Every few years in a ritual quietly observed by only a few of the CBC’s senior staff an elderly, bearded technician twists the dial left and right a few times before setting it back to 5, where a small maple leaf has been engraved in the steel. Somber, he presses the green button and the room fills with a low, mechanical hum. It subsides after a time; the handwheels begin to turn of their own accord. An acrid white smoke settles to the floor as the door opens, and Stuart Maclean emerges, reanimated by the most advanced technology that Avro Canada‘s secretive biological skunk-works could, once upon a time, provide.

He emerges from this Military Gothic process hungry and, for reasons no-one living can fully articulate, his first meal is invariably a damp mash made of Pierre Berton’s Toronto Star columns and Dave Barry’s earlier collections, their spines carefully removed. It is otherwise unseasoned.

As he stumbles forward, eyes unfocussed, he is promptly wrapped in the HBC blanket he will wear until he has fully recovered from the device’s more pernicious side effects, and is deemed ready to return to air.

I’m sure all that doesn’t happen, but whenever I hear Vinyl CafĂ©, I’m just a little more convinced that it must be something like that. Assembling the ambulatory thing that hosts it must be this horribly baroque, retromedically Lovecraftian vivigrafting process; it has to be. I may be the only person I know who can’t stand Stuart Maclean, but the fabrication of the eldrich mitocultural pastiche necessary to invoke him must be fascinating.

October 25, 2010


Filed under: analog,awesome,beauty,future,life,parenting,vendetta — mhoye @ 12:50 pm


July 4, 2010

But We Can’t Do You Love And Rhetoric Without The Blood

Filed under: analog,interfaces,life,lunacy,mail,parenting,science,vendetta,weird,work — mhoye @ 11:09 pm

Been a while, hasn’t it? Well, I’ve been cogitating; sometimes that takes time. In particular, I might add, when people dump a dozen loosely-related ideas into your brain with no regard whatsoever for how much effort it will take you to sort them all out. If I were in a blame-shifting mood I’d be pointing at Dave, Luke, David and these dinners we periodically have, which should say I go into expecting a good meal and some stimulating conversation and leave feeling like a glutton who’s been tasered in the brain.

“Interesting” doesn’t scale without a fight, is I guess what I’m saying.

So let’s get right to the heavy stuff: let’s say, apropos of nothing, for argument’s sake, that “sin” is a explicit negative valuation of an act without immediate cost. Did I couch that in enough conditionals? Well, you’re the one reading it. Let that be a lesson to you then.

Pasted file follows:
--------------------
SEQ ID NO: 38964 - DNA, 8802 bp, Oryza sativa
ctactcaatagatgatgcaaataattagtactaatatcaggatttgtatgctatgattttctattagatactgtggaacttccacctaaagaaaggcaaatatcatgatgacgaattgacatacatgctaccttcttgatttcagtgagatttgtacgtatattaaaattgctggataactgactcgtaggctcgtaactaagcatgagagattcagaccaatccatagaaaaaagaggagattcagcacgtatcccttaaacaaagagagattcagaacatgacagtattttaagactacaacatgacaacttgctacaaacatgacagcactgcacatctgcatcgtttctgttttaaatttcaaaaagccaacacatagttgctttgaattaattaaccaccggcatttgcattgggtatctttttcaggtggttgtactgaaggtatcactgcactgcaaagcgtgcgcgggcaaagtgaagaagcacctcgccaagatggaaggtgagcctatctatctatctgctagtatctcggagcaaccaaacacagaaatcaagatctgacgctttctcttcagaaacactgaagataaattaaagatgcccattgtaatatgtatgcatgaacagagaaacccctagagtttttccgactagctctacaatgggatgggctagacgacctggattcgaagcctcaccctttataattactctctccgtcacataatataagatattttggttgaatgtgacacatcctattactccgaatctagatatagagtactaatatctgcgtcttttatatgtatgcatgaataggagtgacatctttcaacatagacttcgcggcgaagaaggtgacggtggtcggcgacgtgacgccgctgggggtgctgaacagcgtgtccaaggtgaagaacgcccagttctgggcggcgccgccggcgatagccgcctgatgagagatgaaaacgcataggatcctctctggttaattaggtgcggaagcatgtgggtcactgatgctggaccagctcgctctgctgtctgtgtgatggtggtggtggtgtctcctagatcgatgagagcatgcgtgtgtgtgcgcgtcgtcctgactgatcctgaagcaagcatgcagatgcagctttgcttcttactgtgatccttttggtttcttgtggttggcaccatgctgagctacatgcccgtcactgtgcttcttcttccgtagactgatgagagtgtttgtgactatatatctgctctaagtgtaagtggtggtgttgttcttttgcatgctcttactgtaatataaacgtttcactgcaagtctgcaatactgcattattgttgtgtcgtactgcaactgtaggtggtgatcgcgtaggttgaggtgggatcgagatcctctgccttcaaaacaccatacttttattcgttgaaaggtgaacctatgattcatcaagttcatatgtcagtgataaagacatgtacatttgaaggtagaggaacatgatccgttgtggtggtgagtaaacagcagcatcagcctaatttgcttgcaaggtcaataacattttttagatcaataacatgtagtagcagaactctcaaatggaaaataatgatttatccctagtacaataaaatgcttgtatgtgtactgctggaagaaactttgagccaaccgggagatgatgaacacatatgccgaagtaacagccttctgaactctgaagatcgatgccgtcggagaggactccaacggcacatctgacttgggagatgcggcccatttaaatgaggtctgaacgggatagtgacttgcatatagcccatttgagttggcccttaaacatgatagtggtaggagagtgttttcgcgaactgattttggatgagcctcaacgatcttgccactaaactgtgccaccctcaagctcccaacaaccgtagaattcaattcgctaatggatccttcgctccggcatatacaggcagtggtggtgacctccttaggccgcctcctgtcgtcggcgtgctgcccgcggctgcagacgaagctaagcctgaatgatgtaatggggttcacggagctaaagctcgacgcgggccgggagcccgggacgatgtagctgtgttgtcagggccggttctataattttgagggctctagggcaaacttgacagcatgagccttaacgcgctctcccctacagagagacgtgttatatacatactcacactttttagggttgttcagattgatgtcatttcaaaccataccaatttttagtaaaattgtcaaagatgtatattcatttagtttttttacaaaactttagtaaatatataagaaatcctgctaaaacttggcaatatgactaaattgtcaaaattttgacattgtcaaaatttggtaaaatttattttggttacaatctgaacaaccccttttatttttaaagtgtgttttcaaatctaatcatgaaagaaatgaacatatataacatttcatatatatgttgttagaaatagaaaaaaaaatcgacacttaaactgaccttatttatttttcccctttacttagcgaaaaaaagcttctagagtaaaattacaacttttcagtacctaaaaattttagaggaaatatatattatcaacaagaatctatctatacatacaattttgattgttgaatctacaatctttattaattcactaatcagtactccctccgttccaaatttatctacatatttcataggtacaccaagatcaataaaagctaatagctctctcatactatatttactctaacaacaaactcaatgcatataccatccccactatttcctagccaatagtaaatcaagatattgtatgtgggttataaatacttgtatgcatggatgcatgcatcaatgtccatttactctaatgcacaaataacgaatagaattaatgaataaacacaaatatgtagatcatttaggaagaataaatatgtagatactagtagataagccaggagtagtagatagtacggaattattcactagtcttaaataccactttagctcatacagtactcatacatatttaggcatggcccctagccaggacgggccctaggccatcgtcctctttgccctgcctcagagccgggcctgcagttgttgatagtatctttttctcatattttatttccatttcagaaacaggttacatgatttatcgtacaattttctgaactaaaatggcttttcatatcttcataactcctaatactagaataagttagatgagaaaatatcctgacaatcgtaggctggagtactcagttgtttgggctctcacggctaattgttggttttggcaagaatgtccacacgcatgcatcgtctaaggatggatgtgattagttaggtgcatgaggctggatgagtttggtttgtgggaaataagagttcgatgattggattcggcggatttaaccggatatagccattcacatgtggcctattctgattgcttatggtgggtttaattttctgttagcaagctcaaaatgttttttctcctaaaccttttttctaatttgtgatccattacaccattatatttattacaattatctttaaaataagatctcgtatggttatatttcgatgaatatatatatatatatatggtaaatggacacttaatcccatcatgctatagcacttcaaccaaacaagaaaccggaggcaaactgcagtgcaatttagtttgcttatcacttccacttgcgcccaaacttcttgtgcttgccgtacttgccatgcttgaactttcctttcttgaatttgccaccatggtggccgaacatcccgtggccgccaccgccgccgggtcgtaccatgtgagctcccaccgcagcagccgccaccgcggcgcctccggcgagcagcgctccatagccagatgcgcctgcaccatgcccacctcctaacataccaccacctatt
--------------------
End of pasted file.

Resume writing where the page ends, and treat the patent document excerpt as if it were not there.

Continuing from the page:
For some reason I’ve been thinking about belief, narrative and cost lately, and the idea of sins and punishment in economic terms. Not necessarily with respect to actual money, but more by borrowing the terminology of economics to frame some ideas. Some actions have costs, you know? And some of those costs aren’t obvious, or aren’t immediately accrued, but they’re nevertheless real. So let’s say, just for the sake of saying so, that social capital and political capital are real, and that to some extent you can treat them, or at least describe the space around them, a lot like regular old capital capital.

This is going to be shorter than I wanted, but I’ve been struggling to get this out of my system for weeks.

We understand this, viscerally, when we’re talking about personal debts. We get that with ideas like “playing fair” or “I cut, you choose”. We largely agree that justice worthy of the name isn’t arbitrary or capricious and that cruel and unusual punishment is bad. But there’s this whole class of acts that certain groups of people are proscribed from doing, not for any obviously consequential reason, but because for no reason anyone alive remembers, that’s a sin. Or a taboo, or proscribed, you just don’t do that.

So I’ve got this notion that the founding conceit of act thus labeled is likewise an economic one, an “externality“: a cost that is otherwise unaccounted for. In this context, a story of divine punishment for a sinful act isn’t going to be a literal occurrence any more than political capital is real capital, but in a sense it’s a price tag regardless – your act has a real cost, and in a full accounting you will be made to bear that cost. You may not accrue that cost yourself, maybe not today, and you might even come out ahead. But if everyone does it, then all this falls apart; it’s a price to avoid the perverse incentives that steer towards a “tragedy of the social commons”, for lack of a better term.